With The Lobster and The Killing of a Sacred Deer, director Yorgos Lanthimos has become something of an awards-season/top-ten-list darling, one of those auteurs whose shots are rigorously framed and whose work lacks sentimentality and whose worldview is dark, dismissive of humanity's humanity.
These films left me cold. Not so much because of Lanthimos's lack of sentiment or the dismissiveness of humanity—these are two qualities that, in theory, are more likely to draw me nearer to his work than to push me away—but because he directed his actors, particularly his leads, as if they are automatons. Colin Farrell in particular, an actor whose work I generally quite like, was drained of affect, stiff at the joints. It's like he was doing a bad impression of Ryan Gosling when Ryan Gosling has settled into his Blank Mode (Blade Runner 2049, Drive, Only God Forgives) rather than, you know, acting.
I'm happy to say that Lanthimos has not stripped the actresses and actors of The Favourite of their humanity: far from affectless androids, they are all quite human. Scheming, quick-witted, prone to hurt and anger, the members of Queen Anne's court are all a delight to watch.
Anne (Olivia Colman) is a monarch without a mate, husbandless and childless. She finds solace in the company of Lady Sarah (Rachel Weisz), with whom she is secretly sleeping and who is not-so-secretly running the affairs of state, including a seemingly disastrous war with the French. Sarah's cousin, Abigail (Emma Stone), soon makes the couplet a tercet, worming her way into the queen's good graces in an effort to reestablish a place in high society that was lost when her father destroyed the family fortune and then burned their house down.
Whereas Lanthimos previously treated the physical act of love as something of a curiosity—who can forget Farrell rutting away at a lifeless Nicole Kidman in Sacred Deer, a perverse parody of lovemaking—Anne, Sarah, and Abigail all practically smolder on the screen. They are not dolls being moved around but flesh and blood and interested deeply in flesh (and blood). Anne, whose 18 dead children have been replaced by 18 living rabbits, is desperate for someone to give her affection. Sarah and Abigail alike are happy to use that need to further their own ends, yet both harbor more than a trace of love and lust for their queen.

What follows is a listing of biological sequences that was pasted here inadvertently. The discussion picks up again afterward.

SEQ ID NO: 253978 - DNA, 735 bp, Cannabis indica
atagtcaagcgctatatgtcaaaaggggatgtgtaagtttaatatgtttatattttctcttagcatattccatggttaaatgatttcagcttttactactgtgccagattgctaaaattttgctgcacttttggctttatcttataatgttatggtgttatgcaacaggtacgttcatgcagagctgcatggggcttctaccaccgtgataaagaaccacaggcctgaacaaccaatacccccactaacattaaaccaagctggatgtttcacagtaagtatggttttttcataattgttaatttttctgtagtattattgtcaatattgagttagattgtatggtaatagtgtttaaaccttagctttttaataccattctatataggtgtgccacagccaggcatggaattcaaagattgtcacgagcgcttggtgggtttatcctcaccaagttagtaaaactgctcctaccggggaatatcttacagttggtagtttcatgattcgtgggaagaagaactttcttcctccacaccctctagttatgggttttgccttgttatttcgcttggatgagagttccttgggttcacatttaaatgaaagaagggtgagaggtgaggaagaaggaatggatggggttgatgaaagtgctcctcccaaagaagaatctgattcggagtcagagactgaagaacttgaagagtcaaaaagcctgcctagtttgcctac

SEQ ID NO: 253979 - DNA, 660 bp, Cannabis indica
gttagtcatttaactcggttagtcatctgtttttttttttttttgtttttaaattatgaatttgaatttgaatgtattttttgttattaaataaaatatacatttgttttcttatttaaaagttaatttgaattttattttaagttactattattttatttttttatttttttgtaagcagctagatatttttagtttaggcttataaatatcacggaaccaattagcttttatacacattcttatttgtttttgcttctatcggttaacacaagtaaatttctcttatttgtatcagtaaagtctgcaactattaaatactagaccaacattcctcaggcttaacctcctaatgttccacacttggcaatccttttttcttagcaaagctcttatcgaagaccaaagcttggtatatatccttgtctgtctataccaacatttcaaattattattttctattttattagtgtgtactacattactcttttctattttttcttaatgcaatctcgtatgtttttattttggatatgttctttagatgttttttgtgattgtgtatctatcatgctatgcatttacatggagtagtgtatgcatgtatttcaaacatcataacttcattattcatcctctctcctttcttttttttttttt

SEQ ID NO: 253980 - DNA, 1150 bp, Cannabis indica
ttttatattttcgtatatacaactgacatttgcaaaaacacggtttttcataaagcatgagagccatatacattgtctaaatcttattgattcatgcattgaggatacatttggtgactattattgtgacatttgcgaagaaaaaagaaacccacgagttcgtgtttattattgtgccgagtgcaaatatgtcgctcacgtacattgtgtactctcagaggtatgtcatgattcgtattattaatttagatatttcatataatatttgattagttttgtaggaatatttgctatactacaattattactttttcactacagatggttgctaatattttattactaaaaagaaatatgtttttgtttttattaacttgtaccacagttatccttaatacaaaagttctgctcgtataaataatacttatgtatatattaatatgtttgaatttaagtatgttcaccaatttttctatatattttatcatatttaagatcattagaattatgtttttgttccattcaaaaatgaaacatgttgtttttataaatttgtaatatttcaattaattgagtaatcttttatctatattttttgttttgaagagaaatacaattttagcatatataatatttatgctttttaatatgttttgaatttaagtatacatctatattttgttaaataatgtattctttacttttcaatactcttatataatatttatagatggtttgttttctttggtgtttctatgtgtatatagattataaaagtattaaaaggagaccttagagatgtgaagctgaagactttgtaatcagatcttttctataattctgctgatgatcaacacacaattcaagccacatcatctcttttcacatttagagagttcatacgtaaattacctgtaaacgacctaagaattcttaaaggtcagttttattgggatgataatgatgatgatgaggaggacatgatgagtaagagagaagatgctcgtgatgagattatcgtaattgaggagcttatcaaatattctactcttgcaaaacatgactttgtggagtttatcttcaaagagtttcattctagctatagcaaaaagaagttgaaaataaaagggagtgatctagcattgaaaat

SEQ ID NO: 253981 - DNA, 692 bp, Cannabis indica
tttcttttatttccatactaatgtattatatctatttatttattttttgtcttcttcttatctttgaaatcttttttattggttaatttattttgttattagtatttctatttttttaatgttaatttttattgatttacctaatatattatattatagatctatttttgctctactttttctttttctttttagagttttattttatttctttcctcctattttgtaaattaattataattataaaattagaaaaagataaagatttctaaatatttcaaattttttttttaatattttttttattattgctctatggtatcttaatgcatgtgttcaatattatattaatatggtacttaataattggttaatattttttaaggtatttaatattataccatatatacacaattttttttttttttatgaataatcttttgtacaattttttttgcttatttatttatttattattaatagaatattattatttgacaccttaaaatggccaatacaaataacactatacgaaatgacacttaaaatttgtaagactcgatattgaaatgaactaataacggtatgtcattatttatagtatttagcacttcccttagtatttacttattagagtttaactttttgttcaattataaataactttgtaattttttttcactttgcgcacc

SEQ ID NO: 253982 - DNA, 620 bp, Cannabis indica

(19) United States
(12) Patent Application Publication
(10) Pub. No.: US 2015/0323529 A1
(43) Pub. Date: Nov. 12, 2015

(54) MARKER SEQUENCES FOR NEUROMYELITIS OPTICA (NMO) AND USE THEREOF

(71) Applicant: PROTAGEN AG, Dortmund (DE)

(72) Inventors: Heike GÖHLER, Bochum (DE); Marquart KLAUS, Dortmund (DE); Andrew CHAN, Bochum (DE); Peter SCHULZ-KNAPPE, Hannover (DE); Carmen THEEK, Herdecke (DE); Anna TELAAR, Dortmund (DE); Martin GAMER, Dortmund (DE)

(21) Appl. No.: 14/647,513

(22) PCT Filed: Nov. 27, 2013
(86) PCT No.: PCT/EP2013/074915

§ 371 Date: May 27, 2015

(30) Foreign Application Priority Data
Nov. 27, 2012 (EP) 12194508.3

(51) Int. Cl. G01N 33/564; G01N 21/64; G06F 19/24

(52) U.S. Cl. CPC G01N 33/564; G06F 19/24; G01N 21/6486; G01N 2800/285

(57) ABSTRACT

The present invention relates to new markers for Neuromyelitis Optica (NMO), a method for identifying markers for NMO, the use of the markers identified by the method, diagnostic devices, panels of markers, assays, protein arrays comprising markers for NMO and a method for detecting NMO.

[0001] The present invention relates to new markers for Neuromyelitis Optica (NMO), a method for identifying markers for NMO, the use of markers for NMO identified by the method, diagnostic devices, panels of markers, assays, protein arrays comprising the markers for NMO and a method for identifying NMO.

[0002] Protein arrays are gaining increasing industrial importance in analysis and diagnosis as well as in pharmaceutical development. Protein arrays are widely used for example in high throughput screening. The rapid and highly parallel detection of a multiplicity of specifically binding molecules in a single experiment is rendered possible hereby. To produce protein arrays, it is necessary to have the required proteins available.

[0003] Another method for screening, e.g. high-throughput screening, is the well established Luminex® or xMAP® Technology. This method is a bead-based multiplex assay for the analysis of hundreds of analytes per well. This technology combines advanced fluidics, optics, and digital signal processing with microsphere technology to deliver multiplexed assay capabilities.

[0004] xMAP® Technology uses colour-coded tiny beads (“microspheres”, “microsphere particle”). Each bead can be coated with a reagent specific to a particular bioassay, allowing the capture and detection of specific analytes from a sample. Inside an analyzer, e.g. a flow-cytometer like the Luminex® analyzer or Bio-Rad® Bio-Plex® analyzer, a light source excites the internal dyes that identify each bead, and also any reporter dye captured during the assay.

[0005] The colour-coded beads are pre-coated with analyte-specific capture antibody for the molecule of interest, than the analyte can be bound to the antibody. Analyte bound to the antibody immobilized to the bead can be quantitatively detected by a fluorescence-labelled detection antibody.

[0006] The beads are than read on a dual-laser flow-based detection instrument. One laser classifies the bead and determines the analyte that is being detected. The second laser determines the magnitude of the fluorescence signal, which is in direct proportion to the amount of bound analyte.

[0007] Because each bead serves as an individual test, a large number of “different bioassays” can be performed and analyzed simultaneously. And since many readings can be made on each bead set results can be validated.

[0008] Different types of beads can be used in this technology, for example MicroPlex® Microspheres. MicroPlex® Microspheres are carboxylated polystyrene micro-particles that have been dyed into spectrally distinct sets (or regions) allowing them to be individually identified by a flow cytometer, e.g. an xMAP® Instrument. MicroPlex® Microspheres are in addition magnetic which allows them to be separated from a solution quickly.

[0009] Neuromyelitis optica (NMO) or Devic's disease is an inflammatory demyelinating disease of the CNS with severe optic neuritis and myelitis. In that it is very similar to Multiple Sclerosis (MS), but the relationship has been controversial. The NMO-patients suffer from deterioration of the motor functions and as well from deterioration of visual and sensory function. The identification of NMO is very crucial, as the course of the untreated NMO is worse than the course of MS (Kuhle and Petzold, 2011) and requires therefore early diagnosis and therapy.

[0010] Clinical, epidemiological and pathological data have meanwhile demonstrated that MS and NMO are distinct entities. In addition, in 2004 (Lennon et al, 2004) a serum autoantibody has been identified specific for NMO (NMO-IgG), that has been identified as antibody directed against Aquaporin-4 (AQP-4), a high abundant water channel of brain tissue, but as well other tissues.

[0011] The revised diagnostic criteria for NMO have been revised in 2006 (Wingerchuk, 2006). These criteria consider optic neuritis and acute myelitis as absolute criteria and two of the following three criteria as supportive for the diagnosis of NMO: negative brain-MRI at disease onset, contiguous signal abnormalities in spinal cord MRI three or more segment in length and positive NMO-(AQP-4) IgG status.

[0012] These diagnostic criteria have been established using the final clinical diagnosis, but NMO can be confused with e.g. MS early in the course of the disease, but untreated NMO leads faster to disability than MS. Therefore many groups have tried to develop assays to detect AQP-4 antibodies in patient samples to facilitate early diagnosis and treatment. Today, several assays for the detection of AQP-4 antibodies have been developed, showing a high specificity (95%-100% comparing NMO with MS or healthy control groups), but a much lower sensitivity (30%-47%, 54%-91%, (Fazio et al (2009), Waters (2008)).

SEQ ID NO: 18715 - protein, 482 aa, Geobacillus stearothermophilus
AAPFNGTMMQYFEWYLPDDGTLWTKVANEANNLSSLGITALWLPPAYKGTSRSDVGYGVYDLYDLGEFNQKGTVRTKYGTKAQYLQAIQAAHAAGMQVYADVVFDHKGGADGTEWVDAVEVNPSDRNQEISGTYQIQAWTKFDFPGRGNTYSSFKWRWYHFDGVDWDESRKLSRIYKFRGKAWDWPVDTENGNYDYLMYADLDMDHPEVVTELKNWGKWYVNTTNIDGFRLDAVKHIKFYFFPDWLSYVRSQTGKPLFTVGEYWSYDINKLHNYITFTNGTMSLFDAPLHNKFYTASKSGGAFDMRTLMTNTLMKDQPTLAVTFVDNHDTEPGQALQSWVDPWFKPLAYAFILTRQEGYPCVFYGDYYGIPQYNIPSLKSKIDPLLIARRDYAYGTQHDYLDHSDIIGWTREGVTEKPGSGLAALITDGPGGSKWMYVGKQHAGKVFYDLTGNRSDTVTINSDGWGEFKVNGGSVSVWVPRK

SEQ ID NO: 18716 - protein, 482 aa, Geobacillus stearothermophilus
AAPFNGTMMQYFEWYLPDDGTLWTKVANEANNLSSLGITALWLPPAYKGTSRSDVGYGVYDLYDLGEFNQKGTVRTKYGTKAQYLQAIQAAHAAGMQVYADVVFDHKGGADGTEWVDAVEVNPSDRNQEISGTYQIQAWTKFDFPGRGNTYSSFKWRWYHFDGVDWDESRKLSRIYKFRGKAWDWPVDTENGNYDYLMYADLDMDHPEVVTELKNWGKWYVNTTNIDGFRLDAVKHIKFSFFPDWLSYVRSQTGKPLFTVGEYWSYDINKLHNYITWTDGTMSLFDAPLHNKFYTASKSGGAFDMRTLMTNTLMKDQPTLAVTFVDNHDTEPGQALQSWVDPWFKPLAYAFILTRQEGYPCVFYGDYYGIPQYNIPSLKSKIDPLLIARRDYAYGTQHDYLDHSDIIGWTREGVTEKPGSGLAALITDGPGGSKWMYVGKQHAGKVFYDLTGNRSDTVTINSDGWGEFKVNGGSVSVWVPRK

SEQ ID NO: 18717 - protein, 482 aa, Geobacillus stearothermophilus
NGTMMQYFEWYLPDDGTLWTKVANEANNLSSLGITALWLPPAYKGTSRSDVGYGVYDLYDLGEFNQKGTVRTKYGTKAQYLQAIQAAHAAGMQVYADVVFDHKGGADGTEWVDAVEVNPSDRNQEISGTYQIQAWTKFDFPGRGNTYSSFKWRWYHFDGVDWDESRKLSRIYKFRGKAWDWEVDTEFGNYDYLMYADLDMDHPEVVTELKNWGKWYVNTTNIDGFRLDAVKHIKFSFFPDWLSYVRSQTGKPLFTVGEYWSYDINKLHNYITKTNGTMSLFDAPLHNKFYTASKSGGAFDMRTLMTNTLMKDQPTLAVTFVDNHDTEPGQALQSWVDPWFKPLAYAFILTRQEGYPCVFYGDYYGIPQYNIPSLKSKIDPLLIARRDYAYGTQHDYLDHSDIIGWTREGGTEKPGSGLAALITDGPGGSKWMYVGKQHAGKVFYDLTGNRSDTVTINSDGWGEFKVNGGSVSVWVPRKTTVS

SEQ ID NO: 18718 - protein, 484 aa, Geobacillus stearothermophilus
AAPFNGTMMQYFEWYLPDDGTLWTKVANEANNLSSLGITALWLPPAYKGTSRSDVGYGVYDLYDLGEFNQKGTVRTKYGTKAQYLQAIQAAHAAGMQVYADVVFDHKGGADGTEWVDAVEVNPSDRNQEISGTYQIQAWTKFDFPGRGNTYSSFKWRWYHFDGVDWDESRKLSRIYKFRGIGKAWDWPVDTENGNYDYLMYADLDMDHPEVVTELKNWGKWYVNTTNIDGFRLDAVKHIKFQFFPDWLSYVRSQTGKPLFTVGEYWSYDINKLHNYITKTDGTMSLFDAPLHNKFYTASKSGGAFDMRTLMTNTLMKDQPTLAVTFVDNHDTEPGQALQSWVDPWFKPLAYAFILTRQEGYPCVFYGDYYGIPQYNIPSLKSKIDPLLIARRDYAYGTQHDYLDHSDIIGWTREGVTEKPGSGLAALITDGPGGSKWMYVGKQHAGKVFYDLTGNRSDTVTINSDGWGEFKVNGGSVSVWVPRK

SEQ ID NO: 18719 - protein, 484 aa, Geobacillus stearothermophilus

Writers Deborah Davis and Tony McNamara have put together a rather terrific script, one filled with witty repartee and quick rejoinders. I'd be curious to know if the royals of the 18th century were quite as quick to deploy the c-bomb as the leader of the opposition, Harley (Nicholas Hoult) and others seem to here. But anachronism in the service of amusing dialogue is always forgivable.
Lanthimos's sets are luscious and lived-in. This is a full-on period piece with all the trappings. He has a distracting habit of shooting the picture with a distorting fisheye lens. I presume the effect is intended to remind us that we are watching life within a fishbowl, a curated and carefully cultivated world that bears no resemblance to the harshness of life outside the castle walls. I'm happy to grant his point, though I would like to register a complaint about its overuse: We get it.
I find it hard to overstate just how good Colman, Weisz, and Stone are; I'd hesitate to say career bests for all, but the three of them together have real chemistry. It's a compelling combo of covetousness and intrigue, tempered by a dusting of deep sadness.